A New Desktop Tool Transfers Photos from Smart Phone to PC in a Blink

ScanTransfer.net today releases the new desktop application product ScanTransfer, which offers probably the simplest way to transfer any media from a smart phone to a desktop PC. There are multiple ways to copy photos from a smart phone to a PC: sending via e-mail, sharing in a social network, wired connection to a PC and others. But every option requires some preliminary configuration and is not always as straightforward as users anticipate.

Once run on the PC, the application displays a uniquely generated QR-code on the screen and asks the user to scan it using the smart phone. Then, the application transparently creates a local network between the PC and the smart phone and hence allows effortless transferring of video and image files to the PC.

Importantly, the QR-code shown by ScanTransfer can be read with a standard camera app of iPhone or Android Chrome browser as well as using Facebook or Twitter, no third party QR-code readers are required. In other words, copying files to a PC from a smart phone is a matter of scanning just one QR-code now.

Aside from being fast and straightforward, moving photos and videos using ScanTransfer is also safe and wireless, because the data are transferred by air using the secure local Wi-Fi network. The tool also supports multiple connected smart phones and therefore can act like a hub of a sort where media from multiple connected smart phones are stored.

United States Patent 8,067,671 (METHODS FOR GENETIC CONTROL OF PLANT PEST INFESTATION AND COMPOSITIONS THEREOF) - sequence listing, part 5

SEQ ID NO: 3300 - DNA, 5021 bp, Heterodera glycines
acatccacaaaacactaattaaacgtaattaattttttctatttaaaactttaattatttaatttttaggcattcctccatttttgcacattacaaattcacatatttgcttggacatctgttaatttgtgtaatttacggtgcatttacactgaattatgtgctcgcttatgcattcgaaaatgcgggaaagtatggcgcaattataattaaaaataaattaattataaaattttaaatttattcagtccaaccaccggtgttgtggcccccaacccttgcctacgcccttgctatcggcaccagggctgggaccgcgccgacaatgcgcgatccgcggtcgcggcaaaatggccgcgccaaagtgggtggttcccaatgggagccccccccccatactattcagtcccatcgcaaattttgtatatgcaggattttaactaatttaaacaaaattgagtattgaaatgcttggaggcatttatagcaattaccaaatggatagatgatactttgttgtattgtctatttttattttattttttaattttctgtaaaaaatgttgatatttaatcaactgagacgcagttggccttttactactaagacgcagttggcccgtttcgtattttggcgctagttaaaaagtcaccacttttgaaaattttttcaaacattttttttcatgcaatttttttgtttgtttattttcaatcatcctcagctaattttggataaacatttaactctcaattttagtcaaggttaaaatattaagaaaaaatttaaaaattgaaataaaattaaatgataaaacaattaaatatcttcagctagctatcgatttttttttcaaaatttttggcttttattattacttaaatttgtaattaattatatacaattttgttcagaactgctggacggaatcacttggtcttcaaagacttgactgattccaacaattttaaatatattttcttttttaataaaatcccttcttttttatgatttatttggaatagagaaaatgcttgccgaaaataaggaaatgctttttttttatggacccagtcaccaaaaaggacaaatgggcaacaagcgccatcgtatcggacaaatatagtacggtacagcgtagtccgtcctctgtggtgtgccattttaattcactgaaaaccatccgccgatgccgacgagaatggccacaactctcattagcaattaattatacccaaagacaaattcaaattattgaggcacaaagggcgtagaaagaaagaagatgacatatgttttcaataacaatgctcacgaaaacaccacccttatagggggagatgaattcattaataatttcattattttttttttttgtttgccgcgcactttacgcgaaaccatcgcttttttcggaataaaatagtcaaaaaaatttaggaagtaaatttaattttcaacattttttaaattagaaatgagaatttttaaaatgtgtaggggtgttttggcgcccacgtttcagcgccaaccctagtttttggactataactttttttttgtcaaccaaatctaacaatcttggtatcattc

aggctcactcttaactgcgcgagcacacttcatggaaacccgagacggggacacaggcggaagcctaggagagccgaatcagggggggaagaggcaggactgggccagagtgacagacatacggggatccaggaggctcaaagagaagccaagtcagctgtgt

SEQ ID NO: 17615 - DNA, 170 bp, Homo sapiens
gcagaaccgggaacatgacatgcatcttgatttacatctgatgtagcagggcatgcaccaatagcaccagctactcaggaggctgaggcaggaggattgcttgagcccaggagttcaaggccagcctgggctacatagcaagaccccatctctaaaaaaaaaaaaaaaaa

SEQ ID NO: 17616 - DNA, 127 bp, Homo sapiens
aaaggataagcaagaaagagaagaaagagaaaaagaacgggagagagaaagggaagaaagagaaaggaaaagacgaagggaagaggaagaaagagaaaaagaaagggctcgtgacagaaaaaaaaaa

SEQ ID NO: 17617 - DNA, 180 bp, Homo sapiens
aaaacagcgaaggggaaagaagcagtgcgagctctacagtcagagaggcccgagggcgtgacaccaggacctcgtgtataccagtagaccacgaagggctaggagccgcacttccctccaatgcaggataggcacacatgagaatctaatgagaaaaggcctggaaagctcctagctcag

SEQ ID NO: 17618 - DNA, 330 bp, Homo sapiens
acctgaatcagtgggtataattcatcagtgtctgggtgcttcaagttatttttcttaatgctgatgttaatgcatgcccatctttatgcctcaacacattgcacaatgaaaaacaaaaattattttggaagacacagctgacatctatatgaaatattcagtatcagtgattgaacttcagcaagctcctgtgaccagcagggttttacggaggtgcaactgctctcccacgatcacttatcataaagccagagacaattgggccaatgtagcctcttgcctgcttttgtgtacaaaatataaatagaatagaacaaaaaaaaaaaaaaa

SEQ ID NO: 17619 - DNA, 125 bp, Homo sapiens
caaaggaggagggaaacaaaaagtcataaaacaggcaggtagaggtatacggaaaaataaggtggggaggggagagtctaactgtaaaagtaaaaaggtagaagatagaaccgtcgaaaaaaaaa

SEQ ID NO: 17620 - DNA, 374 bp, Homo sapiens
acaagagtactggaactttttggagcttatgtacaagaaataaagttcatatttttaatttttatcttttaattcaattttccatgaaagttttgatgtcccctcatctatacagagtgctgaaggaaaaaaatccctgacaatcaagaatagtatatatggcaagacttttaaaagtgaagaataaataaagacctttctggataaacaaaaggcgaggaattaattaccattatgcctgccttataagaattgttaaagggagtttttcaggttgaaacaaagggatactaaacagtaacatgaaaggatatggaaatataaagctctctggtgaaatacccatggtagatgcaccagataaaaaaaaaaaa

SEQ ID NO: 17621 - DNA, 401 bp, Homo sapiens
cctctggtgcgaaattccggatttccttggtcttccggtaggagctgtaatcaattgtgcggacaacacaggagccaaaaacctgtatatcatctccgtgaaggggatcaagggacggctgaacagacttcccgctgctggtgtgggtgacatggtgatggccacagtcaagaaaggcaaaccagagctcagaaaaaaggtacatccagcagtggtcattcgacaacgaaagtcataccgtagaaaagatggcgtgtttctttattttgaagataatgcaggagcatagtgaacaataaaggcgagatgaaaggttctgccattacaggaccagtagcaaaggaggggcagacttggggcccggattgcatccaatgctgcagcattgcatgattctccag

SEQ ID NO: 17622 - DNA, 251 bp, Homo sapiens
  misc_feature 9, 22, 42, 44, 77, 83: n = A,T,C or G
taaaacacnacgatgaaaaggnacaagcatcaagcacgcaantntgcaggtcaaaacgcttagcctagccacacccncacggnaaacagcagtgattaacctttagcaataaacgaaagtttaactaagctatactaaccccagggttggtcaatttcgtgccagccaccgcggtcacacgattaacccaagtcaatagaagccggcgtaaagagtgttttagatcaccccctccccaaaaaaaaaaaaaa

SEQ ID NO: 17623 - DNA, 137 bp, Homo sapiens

Pricing and availability

ScanTransfer is free. It works on Windows 7 (32/64-bit) or higher and is compatible with iOS 9.0+ and Android Chrome browser ver. 59+.

Links

Website: https://scantransfer.net
Download (Portable version & Installer): https://scantransfer.net/download.html

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About the Author: Carrie Brunner

Carrie Brunner grew up in a small town in northern New Brunswick. She studied chemistry in college, graduated, and married her husband one month later. They were then blessed with two baby boys within the first four years of marriage. Having babies gave their family a desire to return to the old paths – to nourish their family with traditional, homegrown foods; rid their home of toxic chemicals and petroleum products; and give their boys a chance to know a simple, sustainable way of life. They are currently building a homestead from scratch on two little acres in central Texas. There’s a lot to be done to become somewhat self-sufficient, but they are debt-free and get to spend their days living this simple, good life together with their five young children. Carrie writes mostly on provincial stories.
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